More than 100,000 people signed up for an initial assessment under the deal, but just 458 households finished substantive improvements requiring a loan to be taken out.
Davey said that improvements would also be announced to the UK’s energy company obligations this week, and that pilot market incentive schemes would be launched for the capacity market this summer.
Ed Davey ‘passionate’ about energy efficiency
“There is this myth that goes around that we are not doing anything about energy efficiency, whereas in fact we are doing huge amounts,” he said. “It is something I feel passionately about because it is the lowest cost and creates lots of jobs.”
However, a passage in the UK’s impact assessment on 2030 energy and climate targets opposes a 30% efficiency goal as it “raises total cost substantially … because it drives additional energy savings beyond those required to meet the 40% GHG target alone.”
One erstwhile adviser to Davey’s ministry, the Department of Energy and Climate Change (Decc), told EURACTIV that poor inter-departmental coordination, and lop-sided power distribution within Whitehall had damaged energy saving prospects.
“At high levels there is as commitment to energy efficiency, but actually implementing it with the structures that are in place is difficult,” said Steven Fawkes. “Decc has little power in government as a whole, the Treasury clearly has the most power and they could do more work on the value of the energy security argument, and the wider benefits of energy efficiency.”
The UK Treasury is reputed to take a narrow and ideological approach to energy efficiency, measuring investments off against unrealistic short-term results, and focusing on the supply-side of the energy debate.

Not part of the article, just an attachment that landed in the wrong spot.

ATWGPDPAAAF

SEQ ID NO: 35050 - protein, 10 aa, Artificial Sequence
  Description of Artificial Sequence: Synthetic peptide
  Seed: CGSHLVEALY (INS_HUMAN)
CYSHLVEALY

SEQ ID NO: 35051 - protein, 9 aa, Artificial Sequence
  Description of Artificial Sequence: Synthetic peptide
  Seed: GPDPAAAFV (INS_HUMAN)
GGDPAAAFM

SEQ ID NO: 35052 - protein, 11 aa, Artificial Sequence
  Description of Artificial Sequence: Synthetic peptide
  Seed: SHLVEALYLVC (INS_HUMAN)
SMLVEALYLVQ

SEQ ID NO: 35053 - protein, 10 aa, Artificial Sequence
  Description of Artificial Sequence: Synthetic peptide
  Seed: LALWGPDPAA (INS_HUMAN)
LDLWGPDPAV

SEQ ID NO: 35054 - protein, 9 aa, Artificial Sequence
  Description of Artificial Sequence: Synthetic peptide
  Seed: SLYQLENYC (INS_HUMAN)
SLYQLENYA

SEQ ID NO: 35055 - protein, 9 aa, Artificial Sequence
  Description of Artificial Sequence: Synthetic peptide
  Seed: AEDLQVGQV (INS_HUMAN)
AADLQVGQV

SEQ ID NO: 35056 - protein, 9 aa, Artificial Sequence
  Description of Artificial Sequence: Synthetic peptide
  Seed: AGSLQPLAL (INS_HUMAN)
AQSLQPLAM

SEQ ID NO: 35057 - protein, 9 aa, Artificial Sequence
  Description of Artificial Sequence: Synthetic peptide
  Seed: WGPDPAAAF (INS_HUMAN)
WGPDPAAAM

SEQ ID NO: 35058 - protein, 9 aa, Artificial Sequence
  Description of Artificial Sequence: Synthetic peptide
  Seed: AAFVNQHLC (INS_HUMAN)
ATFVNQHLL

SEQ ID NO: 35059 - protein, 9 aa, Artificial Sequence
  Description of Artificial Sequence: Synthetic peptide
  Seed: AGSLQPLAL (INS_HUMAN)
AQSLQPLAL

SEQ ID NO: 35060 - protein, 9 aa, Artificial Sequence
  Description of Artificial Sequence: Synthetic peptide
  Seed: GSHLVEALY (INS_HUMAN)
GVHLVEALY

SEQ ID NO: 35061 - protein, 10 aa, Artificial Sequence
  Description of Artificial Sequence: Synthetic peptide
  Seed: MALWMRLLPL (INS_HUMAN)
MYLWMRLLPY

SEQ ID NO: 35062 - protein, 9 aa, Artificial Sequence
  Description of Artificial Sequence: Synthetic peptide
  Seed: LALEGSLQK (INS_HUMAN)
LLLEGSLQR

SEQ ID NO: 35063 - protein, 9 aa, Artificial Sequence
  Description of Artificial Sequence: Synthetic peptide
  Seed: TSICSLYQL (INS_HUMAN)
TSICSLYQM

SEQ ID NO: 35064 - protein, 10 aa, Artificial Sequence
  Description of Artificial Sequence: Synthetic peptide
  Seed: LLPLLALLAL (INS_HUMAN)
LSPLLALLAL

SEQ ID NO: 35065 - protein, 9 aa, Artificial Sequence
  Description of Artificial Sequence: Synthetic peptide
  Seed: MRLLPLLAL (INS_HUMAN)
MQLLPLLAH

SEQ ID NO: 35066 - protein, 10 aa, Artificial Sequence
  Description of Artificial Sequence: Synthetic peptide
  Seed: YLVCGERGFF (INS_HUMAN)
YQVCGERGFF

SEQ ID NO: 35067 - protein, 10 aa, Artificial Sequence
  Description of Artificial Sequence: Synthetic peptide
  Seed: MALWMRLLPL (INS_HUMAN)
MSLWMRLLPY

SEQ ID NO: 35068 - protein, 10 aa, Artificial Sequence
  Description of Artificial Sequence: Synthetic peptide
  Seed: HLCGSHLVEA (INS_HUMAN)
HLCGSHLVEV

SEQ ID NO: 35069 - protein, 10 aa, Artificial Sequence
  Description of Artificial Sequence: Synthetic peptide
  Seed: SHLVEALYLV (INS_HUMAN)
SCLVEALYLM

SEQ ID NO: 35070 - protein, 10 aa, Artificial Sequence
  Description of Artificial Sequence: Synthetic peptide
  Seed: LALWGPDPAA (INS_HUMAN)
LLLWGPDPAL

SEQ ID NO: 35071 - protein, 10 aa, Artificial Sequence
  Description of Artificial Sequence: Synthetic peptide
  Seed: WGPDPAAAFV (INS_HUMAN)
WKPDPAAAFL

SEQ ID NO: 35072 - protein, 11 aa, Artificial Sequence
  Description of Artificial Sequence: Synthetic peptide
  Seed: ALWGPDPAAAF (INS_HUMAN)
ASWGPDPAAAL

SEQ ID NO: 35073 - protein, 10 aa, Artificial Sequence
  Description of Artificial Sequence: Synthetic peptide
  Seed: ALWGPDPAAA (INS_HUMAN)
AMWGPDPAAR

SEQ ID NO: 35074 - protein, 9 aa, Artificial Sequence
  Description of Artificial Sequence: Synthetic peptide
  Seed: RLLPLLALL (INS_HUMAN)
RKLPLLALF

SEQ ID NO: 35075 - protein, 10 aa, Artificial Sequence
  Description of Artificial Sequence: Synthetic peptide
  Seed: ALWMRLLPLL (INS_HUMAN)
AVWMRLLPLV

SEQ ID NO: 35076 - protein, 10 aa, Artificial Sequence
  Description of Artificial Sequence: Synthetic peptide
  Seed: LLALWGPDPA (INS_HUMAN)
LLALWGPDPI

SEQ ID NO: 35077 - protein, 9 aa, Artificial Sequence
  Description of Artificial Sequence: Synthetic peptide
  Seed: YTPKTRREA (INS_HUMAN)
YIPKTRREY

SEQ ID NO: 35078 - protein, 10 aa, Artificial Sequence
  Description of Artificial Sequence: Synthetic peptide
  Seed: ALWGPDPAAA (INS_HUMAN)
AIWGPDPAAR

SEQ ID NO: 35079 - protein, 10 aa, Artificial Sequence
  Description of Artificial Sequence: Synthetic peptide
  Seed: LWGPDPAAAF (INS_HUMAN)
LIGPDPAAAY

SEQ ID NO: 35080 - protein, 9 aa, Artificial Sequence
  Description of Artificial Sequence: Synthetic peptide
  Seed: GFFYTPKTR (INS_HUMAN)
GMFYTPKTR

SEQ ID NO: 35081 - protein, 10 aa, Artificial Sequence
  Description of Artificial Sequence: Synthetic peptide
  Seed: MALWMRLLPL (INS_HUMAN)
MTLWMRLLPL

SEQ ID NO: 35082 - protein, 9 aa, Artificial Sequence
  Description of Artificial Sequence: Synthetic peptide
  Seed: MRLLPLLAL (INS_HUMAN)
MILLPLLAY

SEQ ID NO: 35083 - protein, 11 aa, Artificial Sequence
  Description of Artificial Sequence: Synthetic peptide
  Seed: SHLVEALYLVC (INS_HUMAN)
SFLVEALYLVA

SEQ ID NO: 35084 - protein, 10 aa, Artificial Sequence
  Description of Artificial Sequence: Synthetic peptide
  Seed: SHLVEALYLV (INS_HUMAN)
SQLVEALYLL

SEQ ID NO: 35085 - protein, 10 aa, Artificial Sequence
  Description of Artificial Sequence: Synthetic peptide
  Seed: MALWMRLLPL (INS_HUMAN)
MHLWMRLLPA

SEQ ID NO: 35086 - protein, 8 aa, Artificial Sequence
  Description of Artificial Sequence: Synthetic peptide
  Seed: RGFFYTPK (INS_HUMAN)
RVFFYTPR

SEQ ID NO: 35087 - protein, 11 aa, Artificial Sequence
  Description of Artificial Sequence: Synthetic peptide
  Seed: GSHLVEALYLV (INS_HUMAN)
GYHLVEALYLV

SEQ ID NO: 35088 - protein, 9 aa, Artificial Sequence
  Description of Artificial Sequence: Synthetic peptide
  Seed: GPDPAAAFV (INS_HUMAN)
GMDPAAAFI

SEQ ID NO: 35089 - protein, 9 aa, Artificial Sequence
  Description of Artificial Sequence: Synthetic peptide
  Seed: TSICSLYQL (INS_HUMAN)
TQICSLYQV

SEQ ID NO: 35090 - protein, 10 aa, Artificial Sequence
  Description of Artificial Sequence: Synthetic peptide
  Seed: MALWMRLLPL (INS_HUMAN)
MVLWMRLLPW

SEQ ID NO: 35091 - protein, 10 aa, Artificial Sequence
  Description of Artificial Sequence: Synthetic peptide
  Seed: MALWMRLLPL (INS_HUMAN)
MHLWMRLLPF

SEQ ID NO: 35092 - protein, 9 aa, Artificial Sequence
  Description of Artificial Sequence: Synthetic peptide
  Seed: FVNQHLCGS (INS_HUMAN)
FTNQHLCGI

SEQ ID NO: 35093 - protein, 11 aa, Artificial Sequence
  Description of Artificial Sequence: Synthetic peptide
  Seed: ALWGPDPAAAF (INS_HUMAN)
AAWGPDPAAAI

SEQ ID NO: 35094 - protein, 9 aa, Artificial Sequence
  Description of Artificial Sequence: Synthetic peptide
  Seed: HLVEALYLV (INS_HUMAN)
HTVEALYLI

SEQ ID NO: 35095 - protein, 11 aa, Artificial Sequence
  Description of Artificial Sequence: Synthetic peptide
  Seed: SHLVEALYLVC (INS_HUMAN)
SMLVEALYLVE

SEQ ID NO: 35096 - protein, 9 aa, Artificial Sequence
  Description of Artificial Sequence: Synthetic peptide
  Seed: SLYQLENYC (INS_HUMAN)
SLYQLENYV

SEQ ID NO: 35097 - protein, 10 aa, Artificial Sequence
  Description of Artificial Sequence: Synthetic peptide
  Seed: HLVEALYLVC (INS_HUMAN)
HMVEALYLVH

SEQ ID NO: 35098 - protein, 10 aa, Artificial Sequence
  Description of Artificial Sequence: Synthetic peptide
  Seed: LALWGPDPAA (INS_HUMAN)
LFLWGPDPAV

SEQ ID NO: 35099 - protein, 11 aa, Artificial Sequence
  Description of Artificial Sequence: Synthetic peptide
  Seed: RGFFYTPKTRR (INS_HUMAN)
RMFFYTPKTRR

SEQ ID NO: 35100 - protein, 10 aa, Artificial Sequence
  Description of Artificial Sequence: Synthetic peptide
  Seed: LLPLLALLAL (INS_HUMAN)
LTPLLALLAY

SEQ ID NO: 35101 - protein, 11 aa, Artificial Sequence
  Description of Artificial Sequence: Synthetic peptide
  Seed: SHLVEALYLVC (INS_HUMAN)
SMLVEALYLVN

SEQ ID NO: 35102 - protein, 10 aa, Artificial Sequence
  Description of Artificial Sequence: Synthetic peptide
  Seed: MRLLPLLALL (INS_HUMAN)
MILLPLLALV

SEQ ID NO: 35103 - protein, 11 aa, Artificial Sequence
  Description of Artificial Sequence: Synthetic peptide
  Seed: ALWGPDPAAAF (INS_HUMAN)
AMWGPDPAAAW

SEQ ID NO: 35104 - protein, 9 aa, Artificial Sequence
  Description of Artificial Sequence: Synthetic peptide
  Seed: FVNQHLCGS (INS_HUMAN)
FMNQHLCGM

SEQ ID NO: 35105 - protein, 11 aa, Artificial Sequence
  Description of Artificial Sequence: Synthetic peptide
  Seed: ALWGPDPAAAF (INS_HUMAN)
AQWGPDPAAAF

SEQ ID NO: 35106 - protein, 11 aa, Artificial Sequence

Partly as a result, Fawkes believes that renovation targets under the EED are likely to fall through departmental cracks, and that costly energy utility survey schemes in situ are unlikely to lead to any action.
Five priority actions
In 2011, he proposed five priority efficiency actions to the Decc minister Greg Barker: setting energy intensity targets; establishing an energy efficiency office; launching energy efficiency feed-in tariffs; setting an energy reduction target for government estate of 25% by 2015, and ensuring a demand-side focus in electricity market reform.
But no energy intensity target or feed-in tariff has yet materialised, and the government is unlikely to meet its estate goal as “the bottom line is that you have to bring in capital from the Treasury or from external sources, and they haven’t done that,” Fawkes said.
A forthcoming National Energy Efficiency Action Plan “probably won’t be enough” to meet the UK’s 2020 obligations, he added.
“Energy efficiency is not a left-right political debate so much as a fact of unanimity,” the French ministry official commented, “but it is considered inessential, as a kind of a luxury. It is ok but only after everything else.”